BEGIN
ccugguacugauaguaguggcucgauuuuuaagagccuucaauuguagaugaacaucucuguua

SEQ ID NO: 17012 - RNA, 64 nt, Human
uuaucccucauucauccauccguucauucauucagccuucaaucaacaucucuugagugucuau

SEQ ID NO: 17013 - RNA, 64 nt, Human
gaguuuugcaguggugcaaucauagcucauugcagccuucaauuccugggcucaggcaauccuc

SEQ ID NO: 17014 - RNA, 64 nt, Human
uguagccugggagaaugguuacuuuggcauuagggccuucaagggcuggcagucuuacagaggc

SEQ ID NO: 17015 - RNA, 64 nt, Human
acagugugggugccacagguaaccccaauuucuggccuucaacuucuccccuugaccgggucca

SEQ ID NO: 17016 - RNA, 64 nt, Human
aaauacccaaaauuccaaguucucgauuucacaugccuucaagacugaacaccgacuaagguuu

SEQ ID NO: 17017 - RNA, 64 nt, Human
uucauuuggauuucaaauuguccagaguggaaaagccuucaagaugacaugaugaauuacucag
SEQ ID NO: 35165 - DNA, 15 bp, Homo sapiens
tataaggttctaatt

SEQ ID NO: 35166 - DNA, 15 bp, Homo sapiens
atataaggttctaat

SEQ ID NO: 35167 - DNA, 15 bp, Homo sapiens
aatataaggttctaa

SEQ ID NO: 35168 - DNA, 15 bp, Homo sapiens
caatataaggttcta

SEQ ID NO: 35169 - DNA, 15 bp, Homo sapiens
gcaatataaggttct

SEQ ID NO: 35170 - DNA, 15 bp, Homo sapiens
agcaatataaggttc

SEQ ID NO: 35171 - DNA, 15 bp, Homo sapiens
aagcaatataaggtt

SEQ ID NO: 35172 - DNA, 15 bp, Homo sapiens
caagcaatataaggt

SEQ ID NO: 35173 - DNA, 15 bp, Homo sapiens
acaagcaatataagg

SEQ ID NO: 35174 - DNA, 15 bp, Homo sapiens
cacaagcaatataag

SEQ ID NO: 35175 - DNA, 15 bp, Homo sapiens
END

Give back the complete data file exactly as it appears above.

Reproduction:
ccugguacugauaguaguggcucgauuuuuaagagccuucaauuguagaugaacaucucuguua

SEQ ID NO: 17012 - RNA, 64 nt, Human
uuaucccucauucauccauccguucauucauucagccuucaaucaacaucucuugagugucuau

SEQ ID NO: 17013 - RNA, 64 nt, Human
gaguuuugcaguggugcaaucauagcucauugcagccuucaauuccugggcucaggcaauccuc

SEQ ID NO: 17014 - RNA, 64 nt, Human
uguagccugggagaaugguuacuuuggcauuagggccuucaagggcuggcagucuuacagaggc

SEQ ID NO: 17015 - RNA, 64 nt, Human
acagugugggugccacagguaaccccaauuucuggccuucaacuucuccccuugaccgggucca

SEQ ID NO: 17016 - RNA, 64 nt, Human
aaauacccaaaauuccaaguucucgauuucacaugccuucaagacugaacaccgacuaagguuu

SEQ ID NO: 17017 - RNA, 64 nt, Human
uucauuuggauuucaaauuguccagaguggaaaagccuucaagaugacaugaugaauuacucag
SEQ ID NO: 35165 - DNA, 15 bp, Homo sapiens
tataaggttctaatt

SEQ ID NO: 35166 - DNA, 15 bp, Homo sapiens
atataaggttctaat

SEQ ID NO: 35167 - DNA, 15 bp, Homo sapiens
aatataaggttctaa

SEQ ID NO: 35168 - DNA, 15 bp, Homo sapiens
caatataaggttcta

SEQ ID NO: 35169 - DNA, 15 bp, Homo sapiens
gcaatataaggttct

SEQ ID NO: 35170 - DNA, 15 bp, Homo sapiens
agcaatataaggttc

SEQ ID NO: 35171 - DNA, 15 bp, Homo sapiens
aagcaatataaggtt

SEQ ID NO: 35172 - DNA, 15 bp, Homo sapiens
caagcaatataaggt

SEQ ID NO: 35173 - DNA, 15 bp, Homo sapiens
acaagcaatataagg

SEQ ID NO: 35174 - DNA, 15 bp, Homo sapiens
cacaagcaatataag

SEQ ID NO: 35175 - DNA, 15 bp, Homo sapiens